Web Application

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The Web Application is a framework to support fast, comprehesible and componentalized creation of applications on the web.


The Web Application framework will take care of the structure of your application in the web. Main features include:

  • menus
  • user authentication
  • page/action management
  • WebComponents

The following tutorial will describe how to set up your own application in the web using the WebApplication framework.


There are two modules required for the Web Application framework:

  • WebApplication
  • PPO

both must be checked out from the CVS. The following assumes you have set up a sandbox for your application. If you do not know how to set up a sandbox have bob do it ;) or go to Sandbox Setup.

cd ~/public_html/my-app/dist/releases/current/
cvs co WebApplication
cvs co PPO

Now create a directory for your application.

mkdir MyApp
cd MyApp

Now we fill in the neccessary elements that customize your application. You need to create the following things:

  • a cgi-script that becomes the centerpoint for your application
  • a directory called WebPage that will contain your different pages
  • an initial page for your application to display
  • a template file that describes the layout of your pages (optional)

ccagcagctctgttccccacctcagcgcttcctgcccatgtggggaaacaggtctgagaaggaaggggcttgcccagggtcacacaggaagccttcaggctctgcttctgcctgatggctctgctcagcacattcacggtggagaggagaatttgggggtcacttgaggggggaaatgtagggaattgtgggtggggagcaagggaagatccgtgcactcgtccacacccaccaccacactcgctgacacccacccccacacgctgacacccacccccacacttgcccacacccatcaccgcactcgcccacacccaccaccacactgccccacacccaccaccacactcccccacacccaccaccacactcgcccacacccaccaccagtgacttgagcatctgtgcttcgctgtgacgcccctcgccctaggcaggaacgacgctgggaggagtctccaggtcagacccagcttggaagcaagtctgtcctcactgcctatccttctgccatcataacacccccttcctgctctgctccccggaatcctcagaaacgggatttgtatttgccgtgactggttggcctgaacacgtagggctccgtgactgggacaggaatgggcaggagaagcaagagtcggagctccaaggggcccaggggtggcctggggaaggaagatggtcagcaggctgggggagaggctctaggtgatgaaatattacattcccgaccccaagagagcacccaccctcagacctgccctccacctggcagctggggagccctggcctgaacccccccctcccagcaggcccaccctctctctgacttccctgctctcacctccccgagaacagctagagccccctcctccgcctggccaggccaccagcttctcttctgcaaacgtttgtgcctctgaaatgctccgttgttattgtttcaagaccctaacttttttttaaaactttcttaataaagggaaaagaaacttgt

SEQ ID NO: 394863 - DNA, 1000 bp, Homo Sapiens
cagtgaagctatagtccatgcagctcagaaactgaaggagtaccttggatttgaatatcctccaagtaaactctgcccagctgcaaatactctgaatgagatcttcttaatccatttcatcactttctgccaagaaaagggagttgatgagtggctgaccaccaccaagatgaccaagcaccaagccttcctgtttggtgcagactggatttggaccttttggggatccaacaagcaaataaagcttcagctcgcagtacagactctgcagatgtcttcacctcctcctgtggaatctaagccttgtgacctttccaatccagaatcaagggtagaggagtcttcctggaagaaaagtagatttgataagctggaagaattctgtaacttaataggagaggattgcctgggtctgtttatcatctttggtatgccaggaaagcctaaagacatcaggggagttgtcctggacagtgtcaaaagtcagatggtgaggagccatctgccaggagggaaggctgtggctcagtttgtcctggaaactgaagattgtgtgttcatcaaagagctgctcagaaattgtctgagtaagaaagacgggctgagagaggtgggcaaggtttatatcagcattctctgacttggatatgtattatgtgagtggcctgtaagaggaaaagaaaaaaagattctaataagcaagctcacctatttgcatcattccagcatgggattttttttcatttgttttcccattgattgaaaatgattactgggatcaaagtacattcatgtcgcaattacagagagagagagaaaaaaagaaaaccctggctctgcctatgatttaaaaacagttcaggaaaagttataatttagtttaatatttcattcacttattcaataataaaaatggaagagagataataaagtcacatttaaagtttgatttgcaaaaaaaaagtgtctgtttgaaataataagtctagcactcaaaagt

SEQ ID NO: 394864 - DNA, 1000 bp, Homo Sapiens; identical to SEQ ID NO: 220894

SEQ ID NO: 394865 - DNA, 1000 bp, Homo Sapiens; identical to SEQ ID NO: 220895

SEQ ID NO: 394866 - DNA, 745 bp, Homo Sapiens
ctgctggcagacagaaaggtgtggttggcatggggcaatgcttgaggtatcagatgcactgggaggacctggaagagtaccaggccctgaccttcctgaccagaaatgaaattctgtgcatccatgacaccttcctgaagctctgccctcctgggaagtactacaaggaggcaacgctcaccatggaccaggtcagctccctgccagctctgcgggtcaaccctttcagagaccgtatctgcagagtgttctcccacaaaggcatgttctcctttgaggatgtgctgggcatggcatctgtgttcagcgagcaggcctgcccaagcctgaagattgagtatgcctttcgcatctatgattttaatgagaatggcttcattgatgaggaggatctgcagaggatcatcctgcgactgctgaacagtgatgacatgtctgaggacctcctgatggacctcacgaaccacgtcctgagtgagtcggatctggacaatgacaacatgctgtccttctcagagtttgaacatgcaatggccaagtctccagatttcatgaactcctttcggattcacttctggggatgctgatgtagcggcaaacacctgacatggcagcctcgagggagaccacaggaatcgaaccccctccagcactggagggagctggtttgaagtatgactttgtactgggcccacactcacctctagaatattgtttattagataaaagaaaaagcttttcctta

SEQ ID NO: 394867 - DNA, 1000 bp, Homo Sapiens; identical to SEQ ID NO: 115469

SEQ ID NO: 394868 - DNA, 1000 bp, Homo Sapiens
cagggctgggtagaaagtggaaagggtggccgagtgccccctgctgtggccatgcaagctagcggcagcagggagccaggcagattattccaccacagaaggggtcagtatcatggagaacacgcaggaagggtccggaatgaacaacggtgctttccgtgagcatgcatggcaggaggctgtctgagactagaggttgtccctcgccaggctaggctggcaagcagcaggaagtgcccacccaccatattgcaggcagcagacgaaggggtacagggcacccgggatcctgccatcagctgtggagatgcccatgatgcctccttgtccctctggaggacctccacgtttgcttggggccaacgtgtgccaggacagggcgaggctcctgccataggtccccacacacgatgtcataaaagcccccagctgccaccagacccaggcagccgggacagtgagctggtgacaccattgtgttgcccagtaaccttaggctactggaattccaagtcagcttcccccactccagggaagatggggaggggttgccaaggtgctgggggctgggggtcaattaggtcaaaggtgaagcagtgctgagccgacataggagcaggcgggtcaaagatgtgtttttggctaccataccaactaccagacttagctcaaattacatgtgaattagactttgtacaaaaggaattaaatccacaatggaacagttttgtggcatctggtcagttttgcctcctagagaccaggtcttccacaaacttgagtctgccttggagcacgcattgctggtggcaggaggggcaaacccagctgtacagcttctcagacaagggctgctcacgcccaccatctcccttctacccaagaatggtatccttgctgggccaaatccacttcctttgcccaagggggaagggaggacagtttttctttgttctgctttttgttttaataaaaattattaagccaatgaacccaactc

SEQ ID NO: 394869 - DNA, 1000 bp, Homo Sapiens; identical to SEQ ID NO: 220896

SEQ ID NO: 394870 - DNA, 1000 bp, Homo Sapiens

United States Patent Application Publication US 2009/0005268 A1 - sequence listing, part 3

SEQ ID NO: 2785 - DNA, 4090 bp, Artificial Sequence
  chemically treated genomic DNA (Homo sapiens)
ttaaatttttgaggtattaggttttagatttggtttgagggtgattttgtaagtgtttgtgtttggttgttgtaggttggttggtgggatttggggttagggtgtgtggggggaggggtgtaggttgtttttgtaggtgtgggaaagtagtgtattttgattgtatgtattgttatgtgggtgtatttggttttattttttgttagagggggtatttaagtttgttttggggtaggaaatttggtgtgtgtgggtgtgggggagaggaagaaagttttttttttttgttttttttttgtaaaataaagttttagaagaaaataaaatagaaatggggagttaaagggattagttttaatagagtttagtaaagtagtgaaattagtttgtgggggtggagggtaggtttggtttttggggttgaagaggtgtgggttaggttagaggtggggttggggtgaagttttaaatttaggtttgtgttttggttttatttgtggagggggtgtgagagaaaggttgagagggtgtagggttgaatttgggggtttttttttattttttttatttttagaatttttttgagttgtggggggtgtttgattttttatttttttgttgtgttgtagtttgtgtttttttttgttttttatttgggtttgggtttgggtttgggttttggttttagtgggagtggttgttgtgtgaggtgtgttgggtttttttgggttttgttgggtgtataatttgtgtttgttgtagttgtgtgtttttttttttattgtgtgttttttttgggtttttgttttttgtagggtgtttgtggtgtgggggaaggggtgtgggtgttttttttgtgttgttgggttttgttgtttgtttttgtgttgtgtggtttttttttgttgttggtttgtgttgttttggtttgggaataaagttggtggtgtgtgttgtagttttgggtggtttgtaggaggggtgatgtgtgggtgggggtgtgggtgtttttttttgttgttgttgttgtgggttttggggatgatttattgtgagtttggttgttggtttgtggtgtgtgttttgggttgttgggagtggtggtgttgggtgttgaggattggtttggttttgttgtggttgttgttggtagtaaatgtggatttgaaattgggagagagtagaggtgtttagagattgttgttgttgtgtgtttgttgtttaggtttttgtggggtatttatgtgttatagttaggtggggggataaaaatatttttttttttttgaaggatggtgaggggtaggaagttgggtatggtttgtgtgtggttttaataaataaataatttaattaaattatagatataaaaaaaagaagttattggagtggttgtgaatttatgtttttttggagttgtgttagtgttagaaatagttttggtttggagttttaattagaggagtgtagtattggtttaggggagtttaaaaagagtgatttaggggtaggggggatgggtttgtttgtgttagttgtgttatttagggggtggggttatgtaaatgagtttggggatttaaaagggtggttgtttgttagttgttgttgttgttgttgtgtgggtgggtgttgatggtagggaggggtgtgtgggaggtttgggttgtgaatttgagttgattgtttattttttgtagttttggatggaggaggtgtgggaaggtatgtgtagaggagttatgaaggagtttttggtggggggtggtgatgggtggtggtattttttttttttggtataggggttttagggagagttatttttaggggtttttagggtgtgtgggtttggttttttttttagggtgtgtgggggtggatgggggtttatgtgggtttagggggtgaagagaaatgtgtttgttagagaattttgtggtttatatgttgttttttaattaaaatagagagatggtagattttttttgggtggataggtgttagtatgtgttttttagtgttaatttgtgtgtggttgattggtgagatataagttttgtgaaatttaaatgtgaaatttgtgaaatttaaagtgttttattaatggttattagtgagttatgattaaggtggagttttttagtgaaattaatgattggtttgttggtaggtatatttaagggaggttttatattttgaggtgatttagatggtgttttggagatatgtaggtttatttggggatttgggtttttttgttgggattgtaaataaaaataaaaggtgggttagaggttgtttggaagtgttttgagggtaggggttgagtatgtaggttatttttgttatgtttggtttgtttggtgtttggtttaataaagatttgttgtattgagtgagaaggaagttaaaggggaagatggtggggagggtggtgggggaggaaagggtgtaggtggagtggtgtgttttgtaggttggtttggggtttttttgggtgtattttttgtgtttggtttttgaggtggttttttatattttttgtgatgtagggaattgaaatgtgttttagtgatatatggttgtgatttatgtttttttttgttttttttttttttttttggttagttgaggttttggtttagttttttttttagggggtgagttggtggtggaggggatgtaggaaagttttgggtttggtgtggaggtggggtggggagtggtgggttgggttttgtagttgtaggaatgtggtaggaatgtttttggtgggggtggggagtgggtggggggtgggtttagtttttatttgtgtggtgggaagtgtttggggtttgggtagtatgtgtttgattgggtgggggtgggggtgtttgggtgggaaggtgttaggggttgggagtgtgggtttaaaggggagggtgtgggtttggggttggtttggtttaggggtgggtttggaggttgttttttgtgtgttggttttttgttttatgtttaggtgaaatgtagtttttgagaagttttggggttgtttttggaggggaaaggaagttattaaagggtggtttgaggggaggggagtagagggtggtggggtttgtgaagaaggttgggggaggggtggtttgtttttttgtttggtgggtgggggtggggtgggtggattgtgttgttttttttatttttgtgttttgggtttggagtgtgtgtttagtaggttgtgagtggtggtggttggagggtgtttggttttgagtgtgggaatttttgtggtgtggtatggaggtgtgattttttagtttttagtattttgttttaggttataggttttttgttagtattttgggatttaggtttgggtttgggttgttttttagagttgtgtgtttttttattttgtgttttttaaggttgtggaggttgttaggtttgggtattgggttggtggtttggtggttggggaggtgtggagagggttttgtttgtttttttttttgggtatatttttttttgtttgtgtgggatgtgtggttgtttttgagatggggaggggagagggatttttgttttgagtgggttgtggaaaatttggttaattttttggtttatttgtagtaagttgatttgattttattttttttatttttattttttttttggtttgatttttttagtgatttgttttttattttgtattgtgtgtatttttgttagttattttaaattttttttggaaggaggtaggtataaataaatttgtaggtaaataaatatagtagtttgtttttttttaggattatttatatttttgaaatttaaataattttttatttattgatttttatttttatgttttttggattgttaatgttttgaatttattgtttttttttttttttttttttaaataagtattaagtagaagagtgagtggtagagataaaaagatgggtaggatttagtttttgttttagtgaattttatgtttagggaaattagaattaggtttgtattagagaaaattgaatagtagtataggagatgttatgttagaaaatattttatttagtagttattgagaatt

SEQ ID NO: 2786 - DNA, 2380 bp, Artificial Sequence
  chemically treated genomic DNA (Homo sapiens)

• a stylesheet that takes care of font-styles and the like (optional)
  • a directory for the images you want on your pages (optional)

To get things going, perform the following steps:

cp ../WebApplication/example/example.cgi myApp.cgi
cp ../WebApplication/example/Example.Makefile Makefile
mkdir WebPage
cp ../WebApplication/example/Example.pm WebPage/MyFirstPage.pm
cp ../WebApplication/WebLayoutDefault.tmpl MyAppLayout.tmpl
mkdir images
cd images
cp ../../WebApplication/images/* .

As you can see, there are example files for all of these that you can modify. At this point, your application is already up and running. Do a make and examine the result in the web:



The WebApplication comes with a default stylesheet (css) that defines colours and fonts and so on. It's likely that you want change those at some point. To do so:

 go back to your working application directory: cd MyApp
 mkdir css
 cp ../WebApplication/css/default.css css/myapp.css

Now edit your myApp.cgi and replace the css filename in the following line:


Your First Page

This is the demo page you have copied from the WepApplication directory. All it will do is print a page that reads 'Hello World'. When you go to the url of your application's script, this is the first page that will appear. This is because in the Web Application Script it is defined as the default first page.

package MyApp::WebPage::MyFirstPage;

use strict;
use warnings;

use base qw( WebPage );


sub output {
  my ($self) = @_;

  my $content = "<h1>Hello World</h1>";

  return $content;

The logic of the Web Application will perform the following checks to see which page should be displayed:

  • was the cgi parameter page passed?
    • Yes: check if the page $cgi->param('page') requires any rights to be displayed
      • if there are no rights required, display the page
      • if there are rights required and there is no user, display the login page. After the login page has been processed, recheck to display this page.